The Trump administration’s curbs on the Chinese-owned “super app” WeChat were put on hold by a judge, a day before it was to go into effect.
Magistrate Judge Laurel Beeler in San Francisco on Saturday issued a preliminary injunction at the request of the U.S. WeChat Users Alliance, which had argued that prohibitions on the app would violate the free-speech rights of millions of Chinese-speaking Americans who primarily rely on WeChat for their communications within the U.S. and with relatives and friends in China.
The injunction was issued after the Commerce Department stipulated on Friday what transactions with WeChat and its Chinese parent company Tencent Holdings Ltd. won’t be allowed under President Donald Trump’s Aug. 6 executive order.
The U.S. has claimed that WeChat is a national security threat because Tencent is intertwined with the Chinese Communist Party, which can use the app to disseminate propaganda, track users and steal their private and proprietary data.
The government on Saturday delayed a plan to prohibit downloads of TikTok, the popular video-sharing app. The ban was to go into effect Sunday, but the order has been delayed until Sept. 27 at 11:59 p.m. local time, the Treasury Department said after Trump said he approved Oracle Corp.’s bid for the U.S. operations of TikTok “in concept.”
TikTok said it is working with Walmart on a commercial partnership and it, along with Oracle, will take part in a TikTok Global pre-IPO financing round in which they can take as much as a 20% cumulative stake in the company.
The WeChat users have said the restrictions on the app are driven by election-year politics.
At a hearing Saturday, Michael Drezner, a lawyer for the the government, said the anxiety and uncertainly U.S. WeChat users may experience because of the prohibitions doesn’t entitle them to an order halting the implementation of the restrictions. Their reliance on WeChat is the result of China’s ban on other social media, which has made WeChat the exclusive, Chinese government-controlled option for them to communicate with people in China, according to Drezner.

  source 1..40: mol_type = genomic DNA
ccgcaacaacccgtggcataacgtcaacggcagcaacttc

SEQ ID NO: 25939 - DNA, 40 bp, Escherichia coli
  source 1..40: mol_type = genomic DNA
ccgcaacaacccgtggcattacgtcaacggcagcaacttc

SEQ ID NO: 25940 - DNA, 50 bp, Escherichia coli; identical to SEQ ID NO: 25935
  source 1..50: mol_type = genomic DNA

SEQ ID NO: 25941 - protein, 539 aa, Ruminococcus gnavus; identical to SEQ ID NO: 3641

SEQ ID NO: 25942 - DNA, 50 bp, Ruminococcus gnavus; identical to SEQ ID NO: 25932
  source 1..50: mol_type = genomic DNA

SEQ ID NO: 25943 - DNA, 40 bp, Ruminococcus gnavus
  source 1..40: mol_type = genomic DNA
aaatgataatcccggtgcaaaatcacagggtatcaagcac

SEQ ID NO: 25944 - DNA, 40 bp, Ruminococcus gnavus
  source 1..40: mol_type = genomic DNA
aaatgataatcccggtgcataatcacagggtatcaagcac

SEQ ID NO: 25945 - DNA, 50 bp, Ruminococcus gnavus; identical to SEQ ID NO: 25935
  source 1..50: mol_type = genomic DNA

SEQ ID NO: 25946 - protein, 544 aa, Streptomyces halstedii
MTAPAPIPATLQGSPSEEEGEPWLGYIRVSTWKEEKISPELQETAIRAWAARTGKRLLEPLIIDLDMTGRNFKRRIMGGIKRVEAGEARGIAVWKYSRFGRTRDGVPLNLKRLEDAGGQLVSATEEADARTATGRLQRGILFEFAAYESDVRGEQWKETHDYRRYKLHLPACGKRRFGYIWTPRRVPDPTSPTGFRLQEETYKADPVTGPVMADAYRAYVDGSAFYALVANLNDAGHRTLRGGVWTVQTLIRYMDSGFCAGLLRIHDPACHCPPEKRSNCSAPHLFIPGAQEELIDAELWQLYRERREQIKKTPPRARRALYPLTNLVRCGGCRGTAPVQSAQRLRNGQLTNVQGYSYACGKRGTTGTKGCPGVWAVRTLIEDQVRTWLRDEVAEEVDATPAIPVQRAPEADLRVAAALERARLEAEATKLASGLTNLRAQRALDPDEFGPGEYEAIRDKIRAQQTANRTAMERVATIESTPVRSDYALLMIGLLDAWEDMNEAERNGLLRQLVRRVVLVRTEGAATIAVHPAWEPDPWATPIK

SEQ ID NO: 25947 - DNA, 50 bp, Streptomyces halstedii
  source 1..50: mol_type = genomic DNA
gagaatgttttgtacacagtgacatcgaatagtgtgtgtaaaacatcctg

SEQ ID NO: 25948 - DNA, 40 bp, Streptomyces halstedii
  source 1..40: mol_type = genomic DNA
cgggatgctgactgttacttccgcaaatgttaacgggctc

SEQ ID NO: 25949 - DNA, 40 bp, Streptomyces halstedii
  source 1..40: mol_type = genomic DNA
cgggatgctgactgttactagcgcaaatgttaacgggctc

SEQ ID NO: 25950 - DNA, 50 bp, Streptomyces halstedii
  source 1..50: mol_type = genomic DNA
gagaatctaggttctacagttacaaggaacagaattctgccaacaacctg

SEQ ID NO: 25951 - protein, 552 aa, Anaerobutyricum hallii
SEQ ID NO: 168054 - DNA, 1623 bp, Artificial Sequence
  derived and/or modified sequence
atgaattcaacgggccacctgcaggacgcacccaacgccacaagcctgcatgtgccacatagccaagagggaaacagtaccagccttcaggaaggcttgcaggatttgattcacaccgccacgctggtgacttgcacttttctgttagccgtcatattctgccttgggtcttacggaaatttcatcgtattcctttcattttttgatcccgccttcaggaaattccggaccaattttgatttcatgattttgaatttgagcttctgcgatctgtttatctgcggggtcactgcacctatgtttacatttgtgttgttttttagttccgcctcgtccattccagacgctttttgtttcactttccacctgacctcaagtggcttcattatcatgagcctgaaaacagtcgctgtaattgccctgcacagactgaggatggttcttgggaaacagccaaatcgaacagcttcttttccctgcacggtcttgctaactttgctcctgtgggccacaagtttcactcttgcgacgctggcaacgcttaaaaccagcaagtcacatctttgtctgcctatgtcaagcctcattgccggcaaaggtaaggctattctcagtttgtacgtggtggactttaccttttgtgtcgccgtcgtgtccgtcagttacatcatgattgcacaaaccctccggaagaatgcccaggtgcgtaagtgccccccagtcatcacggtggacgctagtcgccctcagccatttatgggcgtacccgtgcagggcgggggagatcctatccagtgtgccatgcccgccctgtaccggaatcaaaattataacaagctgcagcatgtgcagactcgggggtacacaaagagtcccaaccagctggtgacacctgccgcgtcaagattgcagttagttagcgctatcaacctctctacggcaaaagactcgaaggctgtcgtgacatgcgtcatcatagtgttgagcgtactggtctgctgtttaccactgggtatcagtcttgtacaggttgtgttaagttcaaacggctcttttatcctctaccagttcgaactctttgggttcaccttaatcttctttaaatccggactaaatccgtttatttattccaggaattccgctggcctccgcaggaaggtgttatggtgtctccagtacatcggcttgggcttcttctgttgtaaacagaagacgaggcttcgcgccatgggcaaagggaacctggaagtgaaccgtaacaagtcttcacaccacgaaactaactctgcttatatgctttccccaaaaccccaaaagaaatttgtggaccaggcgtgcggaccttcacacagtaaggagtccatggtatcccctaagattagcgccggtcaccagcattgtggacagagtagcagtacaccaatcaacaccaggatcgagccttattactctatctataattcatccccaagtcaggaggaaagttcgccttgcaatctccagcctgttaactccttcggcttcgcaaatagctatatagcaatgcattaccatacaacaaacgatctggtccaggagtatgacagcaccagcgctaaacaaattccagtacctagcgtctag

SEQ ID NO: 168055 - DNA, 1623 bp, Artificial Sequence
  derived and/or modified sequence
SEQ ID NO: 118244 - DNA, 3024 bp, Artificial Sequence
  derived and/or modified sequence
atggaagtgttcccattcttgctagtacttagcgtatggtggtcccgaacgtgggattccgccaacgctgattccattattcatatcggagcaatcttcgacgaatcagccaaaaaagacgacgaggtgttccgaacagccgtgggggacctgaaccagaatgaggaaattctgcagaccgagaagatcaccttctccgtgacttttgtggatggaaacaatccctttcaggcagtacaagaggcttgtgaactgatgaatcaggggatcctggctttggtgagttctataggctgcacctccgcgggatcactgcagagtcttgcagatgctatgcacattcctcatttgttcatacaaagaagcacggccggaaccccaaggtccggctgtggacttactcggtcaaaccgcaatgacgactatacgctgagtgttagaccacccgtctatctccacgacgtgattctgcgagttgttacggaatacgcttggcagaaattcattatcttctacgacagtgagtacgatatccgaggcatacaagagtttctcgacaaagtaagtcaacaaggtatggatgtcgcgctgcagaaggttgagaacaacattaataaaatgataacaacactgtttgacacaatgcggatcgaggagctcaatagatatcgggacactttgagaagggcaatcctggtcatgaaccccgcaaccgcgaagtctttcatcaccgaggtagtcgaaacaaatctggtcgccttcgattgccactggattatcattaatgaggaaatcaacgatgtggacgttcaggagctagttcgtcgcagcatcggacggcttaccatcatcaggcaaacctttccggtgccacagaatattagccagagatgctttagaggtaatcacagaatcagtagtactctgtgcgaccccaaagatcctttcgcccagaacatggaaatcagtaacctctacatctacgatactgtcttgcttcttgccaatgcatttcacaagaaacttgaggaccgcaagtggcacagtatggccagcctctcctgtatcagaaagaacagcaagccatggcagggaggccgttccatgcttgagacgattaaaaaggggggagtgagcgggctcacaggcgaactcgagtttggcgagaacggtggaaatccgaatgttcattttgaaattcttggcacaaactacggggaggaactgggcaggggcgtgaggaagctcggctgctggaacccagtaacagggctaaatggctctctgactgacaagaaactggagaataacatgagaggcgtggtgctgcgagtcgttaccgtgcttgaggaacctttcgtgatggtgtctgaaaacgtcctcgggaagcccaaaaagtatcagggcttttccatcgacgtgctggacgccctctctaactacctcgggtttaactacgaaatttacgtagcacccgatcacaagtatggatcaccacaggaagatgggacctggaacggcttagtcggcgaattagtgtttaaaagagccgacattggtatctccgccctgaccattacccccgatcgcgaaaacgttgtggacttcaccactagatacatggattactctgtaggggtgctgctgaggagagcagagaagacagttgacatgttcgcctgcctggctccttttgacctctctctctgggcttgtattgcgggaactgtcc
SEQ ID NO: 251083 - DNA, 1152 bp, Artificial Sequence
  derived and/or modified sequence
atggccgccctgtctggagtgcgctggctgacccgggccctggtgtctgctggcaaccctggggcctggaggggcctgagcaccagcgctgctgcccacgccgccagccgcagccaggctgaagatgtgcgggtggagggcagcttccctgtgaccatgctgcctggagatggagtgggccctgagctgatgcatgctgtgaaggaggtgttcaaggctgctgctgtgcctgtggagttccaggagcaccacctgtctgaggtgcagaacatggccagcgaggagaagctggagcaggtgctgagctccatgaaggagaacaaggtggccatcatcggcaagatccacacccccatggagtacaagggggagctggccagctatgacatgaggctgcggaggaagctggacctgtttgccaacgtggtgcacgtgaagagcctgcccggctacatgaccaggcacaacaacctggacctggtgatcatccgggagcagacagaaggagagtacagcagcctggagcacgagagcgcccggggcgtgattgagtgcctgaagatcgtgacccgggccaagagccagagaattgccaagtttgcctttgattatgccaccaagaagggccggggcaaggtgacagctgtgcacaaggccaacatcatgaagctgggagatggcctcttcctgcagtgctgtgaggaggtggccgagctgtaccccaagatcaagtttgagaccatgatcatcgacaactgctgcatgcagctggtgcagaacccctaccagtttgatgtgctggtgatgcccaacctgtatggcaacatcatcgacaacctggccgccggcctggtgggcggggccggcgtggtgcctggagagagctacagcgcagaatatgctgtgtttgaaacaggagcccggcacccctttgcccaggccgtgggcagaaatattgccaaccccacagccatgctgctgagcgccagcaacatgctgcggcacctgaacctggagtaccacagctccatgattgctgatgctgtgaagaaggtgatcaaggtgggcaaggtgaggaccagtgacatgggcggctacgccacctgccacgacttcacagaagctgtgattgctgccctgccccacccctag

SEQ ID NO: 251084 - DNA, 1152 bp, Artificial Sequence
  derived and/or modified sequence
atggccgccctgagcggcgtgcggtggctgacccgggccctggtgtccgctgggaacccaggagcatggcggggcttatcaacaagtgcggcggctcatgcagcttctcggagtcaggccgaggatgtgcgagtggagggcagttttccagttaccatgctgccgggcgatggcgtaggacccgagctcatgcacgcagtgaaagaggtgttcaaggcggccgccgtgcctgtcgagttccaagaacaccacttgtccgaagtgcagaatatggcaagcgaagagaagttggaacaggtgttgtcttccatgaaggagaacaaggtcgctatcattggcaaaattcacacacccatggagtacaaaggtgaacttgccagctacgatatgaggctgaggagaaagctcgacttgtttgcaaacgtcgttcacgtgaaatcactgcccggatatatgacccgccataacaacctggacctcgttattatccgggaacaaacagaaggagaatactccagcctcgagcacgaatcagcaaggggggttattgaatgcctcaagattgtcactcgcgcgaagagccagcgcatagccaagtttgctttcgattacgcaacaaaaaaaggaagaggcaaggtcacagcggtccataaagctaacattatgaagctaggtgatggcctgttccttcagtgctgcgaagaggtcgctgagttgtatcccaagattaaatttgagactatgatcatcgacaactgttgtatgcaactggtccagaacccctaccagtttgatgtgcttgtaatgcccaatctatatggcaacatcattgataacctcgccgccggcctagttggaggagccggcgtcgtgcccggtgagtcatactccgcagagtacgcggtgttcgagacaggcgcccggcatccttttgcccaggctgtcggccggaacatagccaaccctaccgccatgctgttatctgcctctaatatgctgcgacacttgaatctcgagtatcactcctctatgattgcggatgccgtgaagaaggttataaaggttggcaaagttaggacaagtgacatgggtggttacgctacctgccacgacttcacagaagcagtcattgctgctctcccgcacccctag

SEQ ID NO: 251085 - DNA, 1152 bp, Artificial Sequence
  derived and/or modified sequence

Michael Bien, an attorney for the WeChat users group, said the Commerce Department’s restrictions on WeChat are a far cry from the “narrowly tailored” measures that the government is required to impose so as not to unnecessarily curtail people’s constitutional rights.
The restrictions are aimed at business-to-business transactions with WeChat and Tencent and will in the first instance affect service providers in the U.S. that maintain the functionality of the app. Over time, however, ordinary users will find that the app’s functionality will degrade, according to Drezner.
WeChat is used by about 1 billion people globally and about 19 million people in the U.S., according to the users group.
“As a super-app,’ WeChat users also rely on the app to make telephone calls, hold video conferences, upload documents, share photos, and make payments,” the users group said in its complaint. “It has become essential to the conduct of daily life for its users, many of whom regularly spend hours each day on the app.”
The case is U.S. WeChat Users Alliance v. Trump, 3:20-cv-5910, U.S. District Court, District of Northern California (San Francisco).